Fernando Alonso was "on top of the world" after surviving a late Michael Schumacher attack to take his third consecutive victory in a thrilling San Marino Grand Prix.
The Renault man moved 18 points clear at the top of the drivers' championship with a faultless victory from second place on the grid.
But, unlike his previous two wins this season, Alonso was made to fight to the very end by a revitalised Schumacher, who started 13th but showed phenomenal pace to catch Alonso and harry the Spaniard until the chequered flag.
Alonso was ecstatic after winning by just 0.2 seconds following 11 laps of intense Schumacher pressure.
He said: "I am on top of the championship and on top of the world.
"It was probably one of the best fights I have ever had. It is my third win and the fourth for the team.
"We knew that here was a difficult weekend and I think we showed the performance of the car was competitive.
"Our race pace was not like Ferrari but we had an advantage on the grid. This is probably the best of the three I've won so far.
"It was difficult but, at the end, I managed to be first. Obviously, Michael was much quicker, more than a second faster than me."
Alonso, who took over at the front when McLaren's pole-position man Kimi Raikkonen retired on lap nine with a mechanical problem, revealed worries over the reliability of his engine had hampered his weekend.
New rules for this season mean engines must last two race weekends and after the exertion of winning in 42-degree heat in Bahrain, Alonso's power plant was a serious cause for concern.
"From Friday, we knew that maybe we had some problems with the engine, so we limited the laps on Friday and Saturday morning a lot," he said.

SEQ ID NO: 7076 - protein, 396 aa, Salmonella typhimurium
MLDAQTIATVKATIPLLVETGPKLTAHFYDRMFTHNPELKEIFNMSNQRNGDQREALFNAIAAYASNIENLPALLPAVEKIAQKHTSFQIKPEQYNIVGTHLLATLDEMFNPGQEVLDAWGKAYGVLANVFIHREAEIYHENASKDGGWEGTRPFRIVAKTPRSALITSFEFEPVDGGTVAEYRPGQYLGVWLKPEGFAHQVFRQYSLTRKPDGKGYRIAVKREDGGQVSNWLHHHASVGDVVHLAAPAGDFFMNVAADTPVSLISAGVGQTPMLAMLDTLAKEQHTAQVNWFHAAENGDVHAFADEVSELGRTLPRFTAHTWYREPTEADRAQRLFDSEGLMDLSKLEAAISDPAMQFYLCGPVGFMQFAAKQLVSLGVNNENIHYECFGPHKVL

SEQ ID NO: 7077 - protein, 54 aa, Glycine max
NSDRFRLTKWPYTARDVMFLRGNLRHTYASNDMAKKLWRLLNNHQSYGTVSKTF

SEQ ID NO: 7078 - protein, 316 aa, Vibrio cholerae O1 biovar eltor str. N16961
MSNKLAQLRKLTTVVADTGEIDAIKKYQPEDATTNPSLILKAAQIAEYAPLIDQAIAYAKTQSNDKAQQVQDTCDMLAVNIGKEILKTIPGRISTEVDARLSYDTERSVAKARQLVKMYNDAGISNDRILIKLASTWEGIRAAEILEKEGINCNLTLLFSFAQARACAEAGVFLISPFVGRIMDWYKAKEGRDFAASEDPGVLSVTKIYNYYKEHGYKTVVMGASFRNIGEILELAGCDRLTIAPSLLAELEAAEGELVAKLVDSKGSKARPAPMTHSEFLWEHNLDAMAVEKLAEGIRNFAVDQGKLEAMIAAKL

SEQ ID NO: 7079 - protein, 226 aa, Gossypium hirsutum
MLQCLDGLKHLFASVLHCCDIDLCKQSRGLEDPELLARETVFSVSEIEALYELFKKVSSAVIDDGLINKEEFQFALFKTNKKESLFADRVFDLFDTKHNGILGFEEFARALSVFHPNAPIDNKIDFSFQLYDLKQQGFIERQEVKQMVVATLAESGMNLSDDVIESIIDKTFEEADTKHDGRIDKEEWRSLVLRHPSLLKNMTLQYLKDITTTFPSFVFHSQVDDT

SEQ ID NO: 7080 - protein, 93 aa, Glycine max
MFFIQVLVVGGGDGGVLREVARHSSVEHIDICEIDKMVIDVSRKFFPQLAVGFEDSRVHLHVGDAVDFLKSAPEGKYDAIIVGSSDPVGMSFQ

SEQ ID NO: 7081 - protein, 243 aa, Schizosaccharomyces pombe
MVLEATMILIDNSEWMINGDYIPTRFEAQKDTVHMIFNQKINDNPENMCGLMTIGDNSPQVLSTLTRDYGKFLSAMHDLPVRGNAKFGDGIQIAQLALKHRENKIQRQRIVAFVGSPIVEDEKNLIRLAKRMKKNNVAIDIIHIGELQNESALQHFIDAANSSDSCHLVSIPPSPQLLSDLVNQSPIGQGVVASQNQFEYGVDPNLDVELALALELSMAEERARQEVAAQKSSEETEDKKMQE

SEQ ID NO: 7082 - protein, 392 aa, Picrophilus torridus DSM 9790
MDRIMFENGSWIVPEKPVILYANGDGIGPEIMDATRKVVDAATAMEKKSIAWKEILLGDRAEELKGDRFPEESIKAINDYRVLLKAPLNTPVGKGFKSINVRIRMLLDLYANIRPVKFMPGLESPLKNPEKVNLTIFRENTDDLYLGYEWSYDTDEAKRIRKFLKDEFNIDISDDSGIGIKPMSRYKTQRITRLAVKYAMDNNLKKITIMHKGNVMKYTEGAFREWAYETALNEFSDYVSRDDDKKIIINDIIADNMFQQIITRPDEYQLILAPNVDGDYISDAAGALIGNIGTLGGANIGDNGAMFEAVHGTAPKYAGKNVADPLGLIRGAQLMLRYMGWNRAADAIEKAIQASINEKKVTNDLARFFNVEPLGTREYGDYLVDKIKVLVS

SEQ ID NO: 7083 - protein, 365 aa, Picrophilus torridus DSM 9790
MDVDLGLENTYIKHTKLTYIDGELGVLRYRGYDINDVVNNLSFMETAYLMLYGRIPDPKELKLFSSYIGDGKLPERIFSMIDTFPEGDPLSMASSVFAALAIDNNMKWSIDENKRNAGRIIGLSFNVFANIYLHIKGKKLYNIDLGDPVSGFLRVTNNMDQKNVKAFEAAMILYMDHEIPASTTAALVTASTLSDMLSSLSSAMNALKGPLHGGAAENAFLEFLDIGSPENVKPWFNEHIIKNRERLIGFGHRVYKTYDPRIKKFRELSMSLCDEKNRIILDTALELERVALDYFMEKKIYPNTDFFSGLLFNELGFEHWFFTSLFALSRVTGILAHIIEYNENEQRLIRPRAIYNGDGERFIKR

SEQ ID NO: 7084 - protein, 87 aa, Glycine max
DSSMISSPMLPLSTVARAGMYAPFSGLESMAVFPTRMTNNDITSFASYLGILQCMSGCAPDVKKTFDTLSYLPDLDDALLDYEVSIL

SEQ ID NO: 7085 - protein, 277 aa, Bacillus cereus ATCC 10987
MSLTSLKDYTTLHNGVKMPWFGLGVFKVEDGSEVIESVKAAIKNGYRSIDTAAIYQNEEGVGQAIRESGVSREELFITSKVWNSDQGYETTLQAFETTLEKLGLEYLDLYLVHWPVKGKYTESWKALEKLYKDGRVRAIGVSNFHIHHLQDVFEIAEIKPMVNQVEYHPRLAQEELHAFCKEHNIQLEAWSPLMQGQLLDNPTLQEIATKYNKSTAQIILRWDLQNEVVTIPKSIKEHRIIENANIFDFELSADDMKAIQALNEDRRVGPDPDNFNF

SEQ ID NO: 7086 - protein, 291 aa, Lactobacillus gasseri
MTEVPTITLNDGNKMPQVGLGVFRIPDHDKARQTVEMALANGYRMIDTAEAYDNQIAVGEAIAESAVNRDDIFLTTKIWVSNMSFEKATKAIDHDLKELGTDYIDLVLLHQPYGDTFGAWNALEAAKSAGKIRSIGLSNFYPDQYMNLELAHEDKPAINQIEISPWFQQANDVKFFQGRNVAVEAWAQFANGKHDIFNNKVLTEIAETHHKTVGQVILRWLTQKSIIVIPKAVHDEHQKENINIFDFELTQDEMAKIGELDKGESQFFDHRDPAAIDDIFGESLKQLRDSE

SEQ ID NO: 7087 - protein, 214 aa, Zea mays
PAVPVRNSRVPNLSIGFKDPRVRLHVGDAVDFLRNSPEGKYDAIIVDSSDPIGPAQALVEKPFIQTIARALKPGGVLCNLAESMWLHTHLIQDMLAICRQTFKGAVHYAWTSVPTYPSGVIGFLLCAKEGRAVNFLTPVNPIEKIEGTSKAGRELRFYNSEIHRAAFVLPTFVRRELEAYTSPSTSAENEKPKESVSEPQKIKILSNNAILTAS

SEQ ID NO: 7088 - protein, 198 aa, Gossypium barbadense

"That cost me a bit of time, in qualifying one especially, because it was only my third timed lap of the day.
"In the race, we were running very low revs and just trying to finish the race. I was expecting to be in the points and now I have won it."
Schumacher admitted he wasted Ferrari's "stunning pace" by making a mistake in qualifying. The world champion, who ran through the gravel and lost three seconds to put him down in 13th on the starting grid, conceded that error cost him victory.
He said: "I am happy in one way after the race and I am obviously quite excited but I am a bit disappointed because of what happened to me in qualifying.
"If you think through what could have happened if that didn't happen - it would have been a perfect day.
"I am just disappointed that it did happen. In one way, I should be not too worried because I don't do too many of those mistakes, but one is enough and it was a sad one. We have stunning pace and performance. It has been a tremendous effort from everyone, we were just flat out and it paid off."
Schumacher's charge through the field prevented Jenson Button equalling his best-ever result.
The BAR-Honda driver, who had not finished a race this season before yesterday, was running a comfortable second before he was added to Schumacher's list of victims. He continued to claim third and signal a return to form for BAR.
Alex Wurz, standing in for the injured Juan Pablo Montoya at McLaren, claimed a fine fourth place in his first race since 2000 while Takuma Sato confirmed BAR's revival by adding fifth place to Button's podium.
Former world champion Jacques Villeneuve scored his first points of the season with sixth for Sauber.
The Toyota pair of Jarno Trulli and Ralf Schumacher were seventh and eighth respectively but David Coulthard was down in 13th for Red Bull, twice clashing with Felipe Massa.